Thursday, December 20, 2012

And There I Stood With My Piccolo

And There I Stood With My Piccolo. Meredith Willson. 1948/2009. University of Minnesota Press. 256 pages.

I enjoyed reading Meredith Willson's first autobiography, And There I Stood With My Piccolo, which was first published in 1948. The book isn't an organized biography by any means, but each chapter contains a sketch or two about his life and experiences. Some of these experiences are from his youth and childhood in Mason City, Iowa, but, many are from his experiences as an adult musician. Readers learn about his time in New York City, San Francisco, Hollywood, Pasadena, etc. The book is about his experiences as a musician, a composer, a professional in the radio industry. These are stories about places he's lived, places he's traveled, people he has met, people he has worked with closely, etc. There are even plenty of sketches about quite common things. The book isn't even chronological, he might spend one chapter talking about working on a radio show and the next chapter talk about playing marbles as a boy or going to see fireworks. But. If you don't mind rambling, if you enjoy conversational books, this one might be just right for you. I am glad I kept reading even if I didn't exactly "love" each and every chapter. I think the book is enjoyable for the point of view it provides on the entertainment industry of the 1920s, 30s, and 40s.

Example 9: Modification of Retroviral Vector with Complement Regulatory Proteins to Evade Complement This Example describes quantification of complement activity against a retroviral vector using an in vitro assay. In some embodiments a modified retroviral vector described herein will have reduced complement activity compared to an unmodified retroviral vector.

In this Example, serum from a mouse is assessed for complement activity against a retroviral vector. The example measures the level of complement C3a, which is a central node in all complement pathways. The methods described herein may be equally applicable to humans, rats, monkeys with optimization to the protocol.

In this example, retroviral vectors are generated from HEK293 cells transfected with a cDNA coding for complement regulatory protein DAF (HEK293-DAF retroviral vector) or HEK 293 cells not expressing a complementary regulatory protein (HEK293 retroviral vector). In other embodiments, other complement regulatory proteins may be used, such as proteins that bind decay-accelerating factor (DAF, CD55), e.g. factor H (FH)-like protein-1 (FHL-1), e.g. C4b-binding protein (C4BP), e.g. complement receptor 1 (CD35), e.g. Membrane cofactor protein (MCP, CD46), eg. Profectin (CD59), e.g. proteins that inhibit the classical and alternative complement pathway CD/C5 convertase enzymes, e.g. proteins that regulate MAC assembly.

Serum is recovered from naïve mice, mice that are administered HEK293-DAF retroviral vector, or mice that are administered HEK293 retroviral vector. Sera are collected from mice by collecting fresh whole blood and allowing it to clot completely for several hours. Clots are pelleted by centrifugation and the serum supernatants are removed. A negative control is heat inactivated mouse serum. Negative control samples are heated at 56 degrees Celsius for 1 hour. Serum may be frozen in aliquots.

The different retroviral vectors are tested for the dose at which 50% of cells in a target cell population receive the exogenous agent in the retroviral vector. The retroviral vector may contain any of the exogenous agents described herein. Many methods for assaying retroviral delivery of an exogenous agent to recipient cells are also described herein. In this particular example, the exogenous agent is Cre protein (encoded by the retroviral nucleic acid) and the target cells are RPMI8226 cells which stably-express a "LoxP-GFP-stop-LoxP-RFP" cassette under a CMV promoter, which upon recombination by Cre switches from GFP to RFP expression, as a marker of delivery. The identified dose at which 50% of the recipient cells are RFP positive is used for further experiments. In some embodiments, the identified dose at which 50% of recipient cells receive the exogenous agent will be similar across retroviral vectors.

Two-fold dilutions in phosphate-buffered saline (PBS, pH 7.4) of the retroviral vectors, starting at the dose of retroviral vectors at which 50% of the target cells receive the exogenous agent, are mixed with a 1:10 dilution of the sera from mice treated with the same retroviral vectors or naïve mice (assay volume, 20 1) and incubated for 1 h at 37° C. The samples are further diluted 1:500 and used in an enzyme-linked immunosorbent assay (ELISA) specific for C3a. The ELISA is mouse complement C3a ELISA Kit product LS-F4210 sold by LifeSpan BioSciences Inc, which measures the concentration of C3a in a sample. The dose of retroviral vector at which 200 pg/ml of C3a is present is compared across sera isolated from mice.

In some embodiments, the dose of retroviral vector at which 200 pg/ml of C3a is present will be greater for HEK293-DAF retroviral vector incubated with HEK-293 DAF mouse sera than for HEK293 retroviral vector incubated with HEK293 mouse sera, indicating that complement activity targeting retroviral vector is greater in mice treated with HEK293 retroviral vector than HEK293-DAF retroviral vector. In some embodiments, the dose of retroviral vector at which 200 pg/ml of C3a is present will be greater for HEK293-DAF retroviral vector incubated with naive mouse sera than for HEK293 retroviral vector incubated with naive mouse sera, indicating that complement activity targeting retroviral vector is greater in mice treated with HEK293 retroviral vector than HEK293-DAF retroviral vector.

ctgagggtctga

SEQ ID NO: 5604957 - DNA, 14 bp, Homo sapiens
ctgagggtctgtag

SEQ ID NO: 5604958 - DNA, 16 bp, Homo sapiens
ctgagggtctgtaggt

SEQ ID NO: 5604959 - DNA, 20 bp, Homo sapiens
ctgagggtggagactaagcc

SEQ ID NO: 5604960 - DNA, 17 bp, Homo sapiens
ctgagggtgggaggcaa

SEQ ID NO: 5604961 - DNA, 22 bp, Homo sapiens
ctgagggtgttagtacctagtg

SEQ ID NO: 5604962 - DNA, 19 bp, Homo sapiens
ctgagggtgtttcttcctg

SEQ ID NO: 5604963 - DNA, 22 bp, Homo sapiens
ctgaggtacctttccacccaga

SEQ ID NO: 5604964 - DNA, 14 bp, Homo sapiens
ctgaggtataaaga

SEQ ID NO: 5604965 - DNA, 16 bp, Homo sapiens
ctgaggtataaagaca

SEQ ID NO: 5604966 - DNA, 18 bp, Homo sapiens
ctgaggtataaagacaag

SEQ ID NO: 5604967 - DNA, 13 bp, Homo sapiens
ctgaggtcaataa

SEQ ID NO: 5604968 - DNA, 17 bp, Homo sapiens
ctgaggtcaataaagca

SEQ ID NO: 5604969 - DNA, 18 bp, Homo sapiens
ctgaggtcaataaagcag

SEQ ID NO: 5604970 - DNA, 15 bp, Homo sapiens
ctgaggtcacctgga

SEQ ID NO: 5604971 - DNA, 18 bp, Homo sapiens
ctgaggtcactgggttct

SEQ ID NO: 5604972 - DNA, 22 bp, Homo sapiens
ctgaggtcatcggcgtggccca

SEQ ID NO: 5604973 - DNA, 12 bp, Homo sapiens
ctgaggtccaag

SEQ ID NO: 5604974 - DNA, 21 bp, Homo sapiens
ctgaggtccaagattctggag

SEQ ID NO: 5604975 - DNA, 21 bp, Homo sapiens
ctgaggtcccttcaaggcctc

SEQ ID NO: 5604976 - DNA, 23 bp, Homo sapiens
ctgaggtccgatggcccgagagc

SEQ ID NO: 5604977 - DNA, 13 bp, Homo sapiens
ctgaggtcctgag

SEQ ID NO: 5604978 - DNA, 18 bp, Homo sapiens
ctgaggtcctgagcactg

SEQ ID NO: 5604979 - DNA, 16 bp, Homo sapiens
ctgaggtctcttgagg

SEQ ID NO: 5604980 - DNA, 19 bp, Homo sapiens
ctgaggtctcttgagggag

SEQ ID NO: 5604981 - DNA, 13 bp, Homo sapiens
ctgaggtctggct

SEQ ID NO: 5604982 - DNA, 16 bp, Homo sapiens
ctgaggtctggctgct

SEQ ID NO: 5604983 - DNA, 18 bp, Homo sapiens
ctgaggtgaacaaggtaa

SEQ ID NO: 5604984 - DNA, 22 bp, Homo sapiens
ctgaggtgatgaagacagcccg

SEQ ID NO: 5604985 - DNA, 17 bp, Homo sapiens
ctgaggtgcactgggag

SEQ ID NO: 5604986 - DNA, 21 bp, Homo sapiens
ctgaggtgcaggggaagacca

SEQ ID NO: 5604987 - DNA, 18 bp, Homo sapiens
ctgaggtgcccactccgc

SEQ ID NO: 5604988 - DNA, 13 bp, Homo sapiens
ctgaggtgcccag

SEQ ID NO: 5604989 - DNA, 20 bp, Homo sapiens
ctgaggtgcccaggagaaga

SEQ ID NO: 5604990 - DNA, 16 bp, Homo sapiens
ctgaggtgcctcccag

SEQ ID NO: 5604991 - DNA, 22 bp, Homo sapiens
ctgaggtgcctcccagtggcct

My favorite quote comes close to the end:

If I ever write another symphony, I'd like to take a crack at something that would include all the promise of the train whistle and engine shoofing. The promises and dreams are in many ways more wonderful than the fulfillments. (254-255)
My next-favorite quote is found at the beginning:
An old Moravian flute player once told me a story that went like this: A very important king hired a whole orchestra to play for him one night during his supper, just because he felt lonesome. This orchestra played great and the king was so delighted that before going to bed he said, 'Boys, your playing gave me the whips and jingles, and just for that you can all go to my countinghouse and fill your instruments with gold pieces.' I can still hear that happy clatter as sack after sack of golden tiddlies streamed into the tuba and slithered down the neck of the bassoon and spilled out over the bells of the French horns. And there I stood with my piccolo. (7)

 Read And There I Stood With My Piccolo
  • If you like reading biographies and autobiographies
  • If you like conversational books with sketches or vignettes 
  • If you are interested in learning more about what life was like in the 1920s, 30s, 40s
  • If you are interested in music or the entertainment industry (New York, Hollywood, etc.)

© 2012 Becky Laney of Becky's Book Reviews

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